The BR5 protection level, categorized as Class 6 within Russia’s GOST armor standard, specifies a precise level of ballistic resistance in body armor and vehicle armor. This rating indicates that the armor is engineered to withstand ammunition of a specific caliber and velocity, typically including protection against rifles and heavy firearms. A higher BR rating signifies greater resilience, making the armor well-suited for military and security applications.

The American model exhibited the lowest level of resistance, as it failed to withstand the impact of a standard 7.62x54mmR AK assault rifle bullet, which easily penetrated it. In stark contrast, the other two models effectively halted the bullet, showcasing their superior protective capabilities.

The Obereg vest’s plate employs a sophisticated multi-layered composition, incorporating materials such as ultra-high-molecular-weight polyethylene (UHMWPE), ceramics, Kevlar fiber, and an additional protective layer. This combination not only minimizes fragmentation scatter but also offers moisture insulation, enhancing the vest’s overall performance.

The total weight of the Obereg, inclusive of side, throat, and shoulder protection, as well as the armored apron and backside plate, currently stands at 11.5 kg. Remarkably, this weight is considered lightweight for a vest providing BR5-level protection, covering a substantial area exceeding 5.3 square feet. Rostec is actively working to reduce its weight further, with the aim of achieving a target range between 10 and 10.5 kg.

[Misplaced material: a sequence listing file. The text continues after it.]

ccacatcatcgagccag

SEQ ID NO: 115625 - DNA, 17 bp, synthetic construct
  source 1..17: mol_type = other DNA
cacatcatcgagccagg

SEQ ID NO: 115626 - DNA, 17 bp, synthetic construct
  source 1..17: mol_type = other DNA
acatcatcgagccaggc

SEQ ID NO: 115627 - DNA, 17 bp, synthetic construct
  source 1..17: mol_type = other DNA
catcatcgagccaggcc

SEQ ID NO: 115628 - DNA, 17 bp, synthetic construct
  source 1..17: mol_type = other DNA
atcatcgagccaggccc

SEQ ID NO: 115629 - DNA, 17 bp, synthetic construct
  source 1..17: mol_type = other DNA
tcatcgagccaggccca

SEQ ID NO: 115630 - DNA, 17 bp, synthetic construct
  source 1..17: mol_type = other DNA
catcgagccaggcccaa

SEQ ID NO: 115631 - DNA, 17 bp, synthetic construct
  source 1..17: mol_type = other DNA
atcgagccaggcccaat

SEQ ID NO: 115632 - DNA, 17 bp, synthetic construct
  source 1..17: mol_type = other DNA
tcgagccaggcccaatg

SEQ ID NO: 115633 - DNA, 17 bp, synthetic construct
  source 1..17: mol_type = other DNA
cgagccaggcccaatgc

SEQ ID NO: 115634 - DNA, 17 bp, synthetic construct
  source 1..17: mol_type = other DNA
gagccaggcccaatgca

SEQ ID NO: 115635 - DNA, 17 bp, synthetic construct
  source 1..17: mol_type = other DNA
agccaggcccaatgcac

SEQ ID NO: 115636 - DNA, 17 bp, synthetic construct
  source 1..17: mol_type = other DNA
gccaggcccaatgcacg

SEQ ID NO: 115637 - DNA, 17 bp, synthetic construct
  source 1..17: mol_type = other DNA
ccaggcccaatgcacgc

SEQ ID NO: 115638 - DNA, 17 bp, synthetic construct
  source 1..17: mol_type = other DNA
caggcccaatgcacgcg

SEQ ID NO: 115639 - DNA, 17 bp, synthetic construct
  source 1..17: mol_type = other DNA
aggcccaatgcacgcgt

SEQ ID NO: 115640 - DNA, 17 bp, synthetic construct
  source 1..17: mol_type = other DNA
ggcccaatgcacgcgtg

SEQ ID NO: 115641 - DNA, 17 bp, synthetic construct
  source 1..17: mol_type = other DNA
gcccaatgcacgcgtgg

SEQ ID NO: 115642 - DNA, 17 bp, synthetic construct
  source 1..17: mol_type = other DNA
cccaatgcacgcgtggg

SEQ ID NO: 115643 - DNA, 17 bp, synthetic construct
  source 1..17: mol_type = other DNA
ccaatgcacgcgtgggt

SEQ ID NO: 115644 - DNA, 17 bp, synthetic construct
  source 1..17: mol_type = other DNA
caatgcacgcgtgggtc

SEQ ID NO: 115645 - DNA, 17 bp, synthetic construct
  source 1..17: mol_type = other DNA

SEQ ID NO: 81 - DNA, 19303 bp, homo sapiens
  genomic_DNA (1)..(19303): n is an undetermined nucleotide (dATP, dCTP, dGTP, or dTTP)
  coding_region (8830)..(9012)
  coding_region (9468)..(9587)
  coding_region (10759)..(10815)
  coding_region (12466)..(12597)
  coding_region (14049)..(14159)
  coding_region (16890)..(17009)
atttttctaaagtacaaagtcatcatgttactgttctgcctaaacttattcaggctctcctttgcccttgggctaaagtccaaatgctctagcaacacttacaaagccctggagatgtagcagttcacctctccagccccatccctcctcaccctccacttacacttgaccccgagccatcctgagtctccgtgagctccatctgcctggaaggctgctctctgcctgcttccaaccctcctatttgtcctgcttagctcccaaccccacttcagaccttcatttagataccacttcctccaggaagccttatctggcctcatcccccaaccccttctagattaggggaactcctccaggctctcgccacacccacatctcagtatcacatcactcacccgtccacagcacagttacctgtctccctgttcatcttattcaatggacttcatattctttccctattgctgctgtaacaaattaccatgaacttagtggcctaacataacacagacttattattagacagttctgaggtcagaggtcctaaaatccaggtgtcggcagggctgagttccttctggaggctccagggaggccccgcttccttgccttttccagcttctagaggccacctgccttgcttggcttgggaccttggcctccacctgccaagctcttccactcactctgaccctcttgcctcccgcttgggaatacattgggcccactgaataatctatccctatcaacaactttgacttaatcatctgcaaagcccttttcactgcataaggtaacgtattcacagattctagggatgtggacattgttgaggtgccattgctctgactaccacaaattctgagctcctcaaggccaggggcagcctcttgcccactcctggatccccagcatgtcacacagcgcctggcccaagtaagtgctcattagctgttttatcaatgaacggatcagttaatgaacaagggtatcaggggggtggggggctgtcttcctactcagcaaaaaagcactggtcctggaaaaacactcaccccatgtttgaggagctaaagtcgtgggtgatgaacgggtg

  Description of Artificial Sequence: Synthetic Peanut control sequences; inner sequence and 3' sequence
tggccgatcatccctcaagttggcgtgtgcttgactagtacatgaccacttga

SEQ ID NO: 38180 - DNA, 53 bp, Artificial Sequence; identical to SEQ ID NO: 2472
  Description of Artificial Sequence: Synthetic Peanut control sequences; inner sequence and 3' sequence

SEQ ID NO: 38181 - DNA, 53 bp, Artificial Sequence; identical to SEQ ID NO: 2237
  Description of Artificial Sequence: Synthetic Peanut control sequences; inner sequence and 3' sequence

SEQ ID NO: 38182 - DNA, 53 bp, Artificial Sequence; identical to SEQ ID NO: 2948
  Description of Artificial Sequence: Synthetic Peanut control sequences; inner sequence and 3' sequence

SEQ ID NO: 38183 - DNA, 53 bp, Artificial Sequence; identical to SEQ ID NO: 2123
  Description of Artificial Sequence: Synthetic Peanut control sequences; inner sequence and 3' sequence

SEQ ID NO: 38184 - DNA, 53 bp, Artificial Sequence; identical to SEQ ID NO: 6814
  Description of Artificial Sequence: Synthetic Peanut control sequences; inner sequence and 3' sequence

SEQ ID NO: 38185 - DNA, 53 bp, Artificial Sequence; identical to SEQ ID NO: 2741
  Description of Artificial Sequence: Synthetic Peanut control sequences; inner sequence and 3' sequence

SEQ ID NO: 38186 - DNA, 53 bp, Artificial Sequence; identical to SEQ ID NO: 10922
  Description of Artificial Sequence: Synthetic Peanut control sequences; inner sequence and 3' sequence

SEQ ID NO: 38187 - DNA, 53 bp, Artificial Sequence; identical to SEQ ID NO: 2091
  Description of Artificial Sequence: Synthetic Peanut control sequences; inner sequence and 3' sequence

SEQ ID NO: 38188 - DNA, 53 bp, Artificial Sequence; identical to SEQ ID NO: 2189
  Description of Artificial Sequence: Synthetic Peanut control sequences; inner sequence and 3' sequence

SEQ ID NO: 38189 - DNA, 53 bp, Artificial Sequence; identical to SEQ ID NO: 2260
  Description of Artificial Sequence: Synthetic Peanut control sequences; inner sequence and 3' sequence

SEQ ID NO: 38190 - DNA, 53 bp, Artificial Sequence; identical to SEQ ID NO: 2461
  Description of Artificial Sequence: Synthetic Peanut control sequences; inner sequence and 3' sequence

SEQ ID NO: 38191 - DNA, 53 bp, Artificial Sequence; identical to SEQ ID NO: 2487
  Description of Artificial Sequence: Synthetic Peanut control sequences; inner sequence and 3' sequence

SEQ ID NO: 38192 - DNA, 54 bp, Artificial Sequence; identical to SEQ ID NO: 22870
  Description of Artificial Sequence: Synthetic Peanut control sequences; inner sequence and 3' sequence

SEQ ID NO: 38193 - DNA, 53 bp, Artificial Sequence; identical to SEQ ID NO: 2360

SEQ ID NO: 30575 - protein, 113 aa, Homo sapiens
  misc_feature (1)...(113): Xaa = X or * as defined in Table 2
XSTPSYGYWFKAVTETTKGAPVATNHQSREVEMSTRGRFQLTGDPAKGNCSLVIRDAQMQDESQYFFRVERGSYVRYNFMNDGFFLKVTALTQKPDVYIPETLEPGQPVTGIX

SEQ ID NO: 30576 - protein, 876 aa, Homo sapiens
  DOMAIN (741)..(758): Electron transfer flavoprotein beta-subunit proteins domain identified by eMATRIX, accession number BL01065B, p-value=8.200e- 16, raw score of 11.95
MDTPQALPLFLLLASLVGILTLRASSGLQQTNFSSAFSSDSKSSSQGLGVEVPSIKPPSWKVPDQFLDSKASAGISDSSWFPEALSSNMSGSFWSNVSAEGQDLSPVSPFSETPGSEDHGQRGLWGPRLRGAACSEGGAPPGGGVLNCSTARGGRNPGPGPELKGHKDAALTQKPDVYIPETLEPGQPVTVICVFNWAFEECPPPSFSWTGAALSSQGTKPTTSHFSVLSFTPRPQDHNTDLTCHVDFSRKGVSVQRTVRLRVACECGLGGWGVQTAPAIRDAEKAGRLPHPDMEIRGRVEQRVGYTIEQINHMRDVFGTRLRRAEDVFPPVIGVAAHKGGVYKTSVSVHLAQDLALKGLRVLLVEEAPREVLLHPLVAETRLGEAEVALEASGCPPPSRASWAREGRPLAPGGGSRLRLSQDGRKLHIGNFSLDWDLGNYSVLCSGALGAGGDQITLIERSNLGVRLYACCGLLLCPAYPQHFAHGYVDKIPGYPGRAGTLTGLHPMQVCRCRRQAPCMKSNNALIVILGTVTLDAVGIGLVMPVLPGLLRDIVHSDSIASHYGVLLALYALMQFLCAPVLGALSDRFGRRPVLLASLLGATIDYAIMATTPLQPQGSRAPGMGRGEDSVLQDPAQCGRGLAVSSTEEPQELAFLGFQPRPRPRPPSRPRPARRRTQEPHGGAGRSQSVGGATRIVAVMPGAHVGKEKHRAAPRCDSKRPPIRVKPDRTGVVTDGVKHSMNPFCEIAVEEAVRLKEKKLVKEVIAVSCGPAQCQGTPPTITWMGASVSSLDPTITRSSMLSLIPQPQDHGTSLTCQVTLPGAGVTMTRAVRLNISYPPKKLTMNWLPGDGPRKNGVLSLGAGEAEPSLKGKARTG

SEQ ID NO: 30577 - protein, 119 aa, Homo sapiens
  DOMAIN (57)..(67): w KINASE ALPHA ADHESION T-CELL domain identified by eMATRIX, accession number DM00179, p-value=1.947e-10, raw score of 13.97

The Bloody Trail

The history of body armor reads like a tale of weighty struggles and remarkable ingenuity. Centuries ago, metal body armor was the knight’s chosen shield against harm. Yet, as time marched on into the 16th and 17th centuries, it fell out of favor. The reason? Armor that could repel bullets was so burdensome that it became impractical.

Then came World War I, a conflict that rekindled the need for body protection but faced the same weight conundrum. The armor, while shielding the torso from menacing shell fragments, was still too heavy to justify its protection.

World War II played the role of catalyst, propelling us toward a solution. Enter the era of flak jackets – flexible, overlapping plates of steel, aluminum, or bonded fiberglass concealed within a nylon embrace, offering front-and-back protection. Soldiers could move relatively freely while gaining a degree of assurance against the ominous rain of shell fragments. Alas, these jackets couldn’t ward off armor-piercing bullets.